As well as the USB and forthcoming wireless, the rDAC sports a relatively conventional optical and coaxial digital input and a single RCA phono output. If you need more than one of each particular input, or are interested in a balanced XLR output, you will need to look elsewhere, but the Arcam’s specification on the whole is competitive for its asking price when the Asynchronous USB input is taken into account.
The unit itself is small, but pleasant to look at and use and is styled as part of the Solo range – although it doesn’t look so different from other Arcam separates to be visually at odds if placed with them.
The chassis is all-metal and feels solid and well constructed. Input selection is via a single button on the top of the unit. The input light glows red and then switches to green when a connection is established, which is a nice touch if you should need to fault-find a connection.
Another sign of impressive attention to detail is the USB connection. Connect the rDAC to a PC and it will display on the PC as an ‘Arcam rDAC, rather than a generic USB component that so many of its key competitors will do. Connection itself is fast and effective and our sample unit connected quickly and simply to a variety of PCs and Macs during the test period.
Sonically, the rDAC is a strong proposition. Connected over USB and given lossless or better files (although 24-bit/192khz files are limited to a transmission rate of 24/96), the rDAC is an enticing performer. It produces a natural and unforced presentation, entirely free from harshness or aggression. Indeed, its performance is free from even the slightest sense of digital sheen or artefacts, which is a huge boost to long-term listening. Given that this naturalness is an intended outcome of the design of the Wolfson WM8741, it is good news to report that this appears to have succeeded in practice.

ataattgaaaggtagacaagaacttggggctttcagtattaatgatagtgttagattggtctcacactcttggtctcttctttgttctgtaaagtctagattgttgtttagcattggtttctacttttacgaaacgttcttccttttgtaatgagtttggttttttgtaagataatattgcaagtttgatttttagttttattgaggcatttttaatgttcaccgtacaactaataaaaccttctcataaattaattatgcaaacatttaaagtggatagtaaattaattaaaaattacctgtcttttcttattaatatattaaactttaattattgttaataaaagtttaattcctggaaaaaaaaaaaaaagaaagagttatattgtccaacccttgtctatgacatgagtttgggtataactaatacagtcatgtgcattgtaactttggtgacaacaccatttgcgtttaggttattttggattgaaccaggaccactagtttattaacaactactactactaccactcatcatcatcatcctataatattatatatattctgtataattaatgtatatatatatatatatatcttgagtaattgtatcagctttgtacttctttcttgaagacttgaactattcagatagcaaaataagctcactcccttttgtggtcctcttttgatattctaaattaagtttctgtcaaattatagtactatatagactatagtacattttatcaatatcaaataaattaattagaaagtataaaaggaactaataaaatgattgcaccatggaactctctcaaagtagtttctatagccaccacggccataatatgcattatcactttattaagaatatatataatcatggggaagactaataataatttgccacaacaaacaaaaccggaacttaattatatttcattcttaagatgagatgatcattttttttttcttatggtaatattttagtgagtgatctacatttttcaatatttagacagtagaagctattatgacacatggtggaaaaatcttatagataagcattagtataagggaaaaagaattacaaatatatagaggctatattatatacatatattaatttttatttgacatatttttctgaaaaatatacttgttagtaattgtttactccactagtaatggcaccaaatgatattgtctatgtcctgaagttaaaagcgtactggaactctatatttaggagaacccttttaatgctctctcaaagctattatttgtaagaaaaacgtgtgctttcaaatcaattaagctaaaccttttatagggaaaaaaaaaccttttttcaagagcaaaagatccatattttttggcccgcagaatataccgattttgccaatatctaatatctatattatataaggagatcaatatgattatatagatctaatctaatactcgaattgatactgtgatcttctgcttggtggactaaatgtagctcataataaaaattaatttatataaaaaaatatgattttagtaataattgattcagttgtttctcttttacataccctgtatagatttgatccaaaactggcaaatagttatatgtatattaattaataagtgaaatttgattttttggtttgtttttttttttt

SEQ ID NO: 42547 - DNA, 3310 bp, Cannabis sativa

Vocals are well presented and believably real with the sense of space and decay vital for the suspension of disbelief. The rDAC will also present an excellent and well-judged soundstage, well in proportion to the recording being listened to. Further good news is that switching to compressed music, be it the 320k MP3 of Spotify or music ripped to lossy AAC in iTunes stays involving and listenable. The rDAC is quick to reward the use of high-resolution files, but pleasingly slow to punish the use of compressed ones.
Switching over to the coaxial input does not change the behaviour of the rDAC in any substantial way, although this is as much a reflection of how good the USB input actually is, rather than any deficiency on the part of the coaxial input. The rDAC always remains natural and unforced and even poor recordings will not push it towards stridency or harshness.